Locusts bigger threat to Pakistan than Covid-19
The rapidly increasing locust attacks have made agriculture sector stakeholders highly perturbed as they feel federal and provincial governments are still not active enough to tackle the insect.
They lament that these governments have not allocated sufficient funds in federal and provincial budgets announced recently.
Many term locust swarms – which have so far destroyed crops in 54 districts of the country – a much more serious threat than the Covid-19 pandemic since the former may cause commotion in terms of food security.
Covid-19 can be avoided by maintaining social distance and following SOPs, but there is no escape from the financial crisis and hunger caused by locust attacks,” remarked Shahzad Ali Malik, Chief Executive Officer of Guard Agriculture Research and Services Private Limited.
“Locust is a bigger threat than Covid-19 for Pakistan and it should be taken more seriously.”
Pakistan is suffering the second locust attack in a year and so far the insect has destroyed crops over millions of acres. According to farmers, wheat, pulses, oilseed, fodder, vegetable and mango crops have been damaged by the locust. The third locust attack is expected in southern Punjab during the upcoming monsoon season.
According to the government departments concerned, they along with Provincial Disaster Management Authorities are tackling the issue on war footings and funds have been earmarked in the FY21 budget for complete elimination of locusts and supporting agriculture sector.
As per budget numbers, the federal government has allocated Rs10 billion for agriculture, the Punjab government has earmarked Rs31.73 billion and Sindh has set aside Rs14.8 billion.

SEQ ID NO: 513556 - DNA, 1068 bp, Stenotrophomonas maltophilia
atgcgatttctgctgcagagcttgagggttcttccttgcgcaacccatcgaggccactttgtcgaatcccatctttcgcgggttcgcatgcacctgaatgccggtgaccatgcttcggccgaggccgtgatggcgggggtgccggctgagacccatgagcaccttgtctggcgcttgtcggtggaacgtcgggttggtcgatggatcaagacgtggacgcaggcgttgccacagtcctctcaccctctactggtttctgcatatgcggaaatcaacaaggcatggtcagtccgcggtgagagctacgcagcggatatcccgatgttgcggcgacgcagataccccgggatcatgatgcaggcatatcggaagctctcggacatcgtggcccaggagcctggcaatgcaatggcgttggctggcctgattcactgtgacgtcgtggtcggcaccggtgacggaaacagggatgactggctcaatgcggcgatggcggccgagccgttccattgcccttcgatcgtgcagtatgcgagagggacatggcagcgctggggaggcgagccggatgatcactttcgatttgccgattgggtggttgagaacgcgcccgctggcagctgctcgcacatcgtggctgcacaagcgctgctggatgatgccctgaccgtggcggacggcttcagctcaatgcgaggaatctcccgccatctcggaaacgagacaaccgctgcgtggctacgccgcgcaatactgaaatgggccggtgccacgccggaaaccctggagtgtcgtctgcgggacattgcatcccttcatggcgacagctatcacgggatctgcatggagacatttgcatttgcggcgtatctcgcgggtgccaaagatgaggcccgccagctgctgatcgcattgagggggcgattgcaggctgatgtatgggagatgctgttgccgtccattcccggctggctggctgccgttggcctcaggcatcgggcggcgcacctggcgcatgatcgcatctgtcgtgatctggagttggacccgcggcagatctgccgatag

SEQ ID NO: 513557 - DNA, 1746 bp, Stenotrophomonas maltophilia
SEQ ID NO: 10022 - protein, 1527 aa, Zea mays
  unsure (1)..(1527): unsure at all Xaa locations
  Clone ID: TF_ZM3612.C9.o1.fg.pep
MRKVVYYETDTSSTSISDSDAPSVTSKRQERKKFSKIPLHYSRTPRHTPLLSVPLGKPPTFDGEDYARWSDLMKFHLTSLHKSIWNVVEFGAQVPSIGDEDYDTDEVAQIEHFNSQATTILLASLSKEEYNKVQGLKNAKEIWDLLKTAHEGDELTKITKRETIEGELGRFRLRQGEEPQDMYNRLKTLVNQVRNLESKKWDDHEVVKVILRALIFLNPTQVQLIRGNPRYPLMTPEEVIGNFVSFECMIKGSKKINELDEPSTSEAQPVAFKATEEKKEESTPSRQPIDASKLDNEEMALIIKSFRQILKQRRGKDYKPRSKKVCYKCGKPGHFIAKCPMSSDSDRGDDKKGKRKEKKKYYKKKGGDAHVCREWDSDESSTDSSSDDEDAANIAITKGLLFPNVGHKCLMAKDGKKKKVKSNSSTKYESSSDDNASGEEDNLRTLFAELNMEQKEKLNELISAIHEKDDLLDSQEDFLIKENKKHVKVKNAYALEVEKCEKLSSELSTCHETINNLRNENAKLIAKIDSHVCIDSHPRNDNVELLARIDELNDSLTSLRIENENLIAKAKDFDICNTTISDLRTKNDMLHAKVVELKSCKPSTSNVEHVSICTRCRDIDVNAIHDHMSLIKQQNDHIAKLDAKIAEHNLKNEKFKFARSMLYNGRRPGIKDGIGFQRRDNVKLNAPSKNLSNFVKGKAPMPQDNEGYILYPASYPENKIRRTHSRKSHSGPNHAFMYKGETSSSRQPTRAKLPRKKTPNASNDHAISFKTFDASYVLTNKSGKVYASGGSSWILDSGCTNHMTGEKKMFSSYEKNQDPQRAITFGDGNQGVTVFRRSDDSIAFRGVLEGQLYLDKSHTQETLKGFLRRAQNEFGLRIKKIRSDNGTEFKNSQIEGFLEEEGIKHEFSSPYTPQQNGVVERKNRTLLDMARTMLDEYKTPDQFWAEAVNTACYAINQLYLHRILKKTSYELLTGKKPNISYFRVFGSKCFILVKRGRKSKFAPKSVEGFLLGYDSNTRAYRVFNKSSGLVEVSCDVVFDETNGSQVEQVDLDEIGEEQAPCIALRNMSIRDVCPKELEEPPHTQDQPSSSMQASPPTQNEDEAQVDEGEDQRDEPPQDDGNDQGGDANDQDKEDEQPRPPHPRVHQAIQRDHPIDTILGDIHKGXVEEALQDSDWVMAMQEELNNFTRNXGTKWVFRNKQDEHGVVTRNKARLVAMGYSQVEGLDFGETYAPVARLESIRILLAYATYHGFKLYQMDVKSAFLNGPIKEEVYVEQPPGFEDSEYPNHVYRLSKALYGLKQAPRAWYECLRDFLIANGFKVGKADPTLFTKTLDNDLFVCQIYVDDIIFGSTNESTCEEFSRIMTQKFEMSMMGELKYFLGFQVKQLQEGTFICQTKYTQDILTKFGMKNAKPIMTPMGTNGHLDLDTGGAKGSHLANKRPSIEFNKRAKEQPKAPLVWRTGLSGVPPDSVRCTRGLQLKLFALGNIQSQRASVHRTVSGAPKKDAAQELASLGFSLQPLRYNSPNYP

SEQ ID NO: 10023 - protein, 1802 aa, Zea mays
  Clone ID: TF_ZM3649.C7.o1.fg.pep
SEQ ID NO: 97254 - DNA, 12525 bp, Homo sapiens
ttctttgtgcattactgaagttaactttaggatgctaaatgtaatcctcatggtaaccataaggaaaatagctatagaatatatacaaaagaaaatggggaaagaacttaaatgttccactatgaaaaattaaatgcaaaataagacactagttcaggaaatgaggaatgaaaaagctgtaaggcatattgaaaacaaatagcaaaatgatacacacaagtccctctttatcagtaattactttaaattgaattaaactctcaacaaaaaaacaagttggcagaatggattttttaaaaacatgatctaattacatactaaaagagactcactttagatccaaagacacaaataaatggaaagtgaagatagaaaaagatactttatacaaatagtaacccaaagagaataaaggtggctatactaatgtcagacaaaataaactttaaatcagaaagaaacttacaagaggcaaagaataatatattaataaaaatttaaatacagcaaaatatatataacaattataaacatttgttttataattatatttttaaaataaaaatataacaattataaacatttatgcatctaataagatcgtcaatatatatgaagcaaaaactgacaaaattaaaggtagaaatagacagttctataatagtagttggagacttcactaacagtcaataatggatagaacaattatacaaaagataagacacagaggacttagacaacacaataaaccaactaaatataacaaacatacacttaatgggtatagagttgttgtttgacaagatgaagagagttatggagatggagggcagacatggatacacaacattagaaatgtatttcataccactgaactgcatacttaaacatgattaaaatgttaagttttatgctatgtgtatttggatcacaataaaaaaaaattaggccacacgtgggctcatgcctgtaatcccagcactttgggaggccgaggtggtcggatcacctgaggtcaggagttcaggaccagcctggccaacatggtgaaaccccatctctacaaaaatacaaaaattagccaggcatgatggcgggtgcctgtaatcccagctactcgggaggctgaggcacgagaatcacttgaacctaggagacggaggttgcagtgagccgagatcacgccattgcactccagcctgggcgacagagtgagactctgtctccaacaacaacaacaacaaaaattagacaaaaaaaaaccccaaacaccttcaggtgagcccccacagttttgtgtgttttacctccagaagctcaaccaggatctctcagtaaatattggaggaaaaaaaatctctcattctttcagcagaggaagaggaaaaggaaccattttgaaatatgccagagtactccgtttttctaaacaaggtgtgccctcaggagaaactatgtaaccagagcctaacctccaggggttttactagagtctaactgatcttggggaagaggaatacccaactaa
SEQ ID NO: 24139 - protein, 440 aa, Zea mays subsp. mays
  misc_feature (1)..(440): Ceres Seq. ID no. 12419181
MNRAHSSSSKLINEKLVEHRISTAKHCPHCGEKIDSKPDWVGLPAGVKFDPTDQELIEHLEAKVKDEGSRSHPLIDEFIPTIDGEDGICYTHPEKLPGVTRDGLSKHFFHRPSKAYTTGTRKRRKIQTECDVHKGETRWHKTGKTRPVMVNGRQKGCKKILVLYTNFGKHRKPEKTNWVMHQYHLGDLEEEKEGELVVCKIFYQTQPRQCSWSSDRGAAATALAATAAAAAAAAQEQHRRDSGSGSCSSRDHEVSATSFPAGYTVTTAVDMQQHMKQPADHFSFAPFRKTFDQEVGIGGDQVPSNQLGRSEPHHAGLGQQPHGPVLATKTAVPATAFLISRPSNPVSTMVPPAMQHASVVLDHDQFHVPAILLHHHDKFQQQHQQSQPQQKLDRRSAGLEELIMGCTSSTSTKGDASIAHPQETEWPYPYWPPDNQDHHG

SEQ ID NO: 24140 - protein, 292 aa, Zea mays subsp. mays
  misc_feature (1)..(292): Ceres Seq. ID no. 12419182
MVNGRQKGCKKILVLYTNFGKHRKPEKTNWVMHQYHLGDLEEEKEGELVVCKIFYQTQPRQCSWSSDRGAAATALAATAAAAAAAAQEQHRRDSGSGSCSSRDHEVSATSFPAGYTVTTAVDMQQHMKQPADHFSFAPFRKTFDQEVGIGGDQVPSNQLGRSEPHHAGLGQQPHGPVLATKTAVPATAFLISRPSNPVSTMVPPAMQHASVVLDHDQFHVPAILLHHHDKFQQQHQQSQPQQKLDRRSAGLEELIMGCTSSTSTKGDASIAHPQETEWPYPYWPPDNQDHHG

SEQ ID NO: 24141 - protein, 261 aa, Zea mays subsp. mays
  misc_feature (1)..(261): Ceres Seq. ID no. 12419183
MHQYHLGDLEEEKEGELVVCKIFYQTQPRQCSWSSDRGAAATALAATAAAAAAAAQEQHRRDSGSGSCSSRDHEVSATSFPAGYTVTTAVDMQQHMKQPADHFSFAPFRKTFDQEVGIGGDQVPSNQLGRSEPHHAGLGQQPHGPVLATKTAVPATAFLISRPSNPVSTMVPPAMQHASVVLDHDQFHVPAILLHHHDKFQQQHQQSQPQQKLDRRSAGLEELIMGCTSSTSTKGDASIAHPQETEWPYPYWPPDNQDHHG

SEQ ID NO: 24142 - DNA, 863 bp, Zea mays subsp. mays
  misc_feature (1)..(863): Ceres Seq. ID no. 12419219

However, for the agriculture sector stakeholders, these numbers are not impressive. They argue the funds are insufficient which will not help resolve the structural issues and promote research for value addition in exportable commodities. These will not support the country in purchasing modern equipment for the agriculture sector, which contributes around 20% to the country’s gross domestic product (GDP) and employs more than 50% of the workforce.
Talking about the equipment needed, Malik said, “We need to acquire a large fleet of aircraft on lease from other countries or the army as a stopgap arrangement. However, in the long run, we need to equip the Department of Plant Protection (DPP) with modern technology so that it can be able to undertake aerial sprays.”
The DPP had more than 20 aerial-spray aircraft in the early 1980s but now it is left with only one. Lahore Chamber of Commerce and Industry (LCCI) Senior Vice President Ali Hussam Asghar said two major crops – cotton and rice – would be affected badly and the latter would be in flowering stage by July in Sindh and southern Punjab, when the next locust attack was feared to hit the country.
“These two crops are a source of foreign exchange and paddy alone contributes almost $2.2 billion annually to the national exchequer,” he told The Express Tribune.
Asghar, who also serves as vice president of the Rice Exporters Association of Pakistan, said cotton production was likely to remain around nine million bales against the target of 15 million bales this season.
“Locusts are an urgent issue, nonetheless, there are some other issues as well, which need to be addressed to increase the paddy crop size. There is a need to promote seeds produced by the private sector as the Punjab Seed Council is not promoting its seed varieties,” he said.
Asghar added that India had almost eight seed varieties of Basmati rice and Pakistan was relying on only two seed varieties.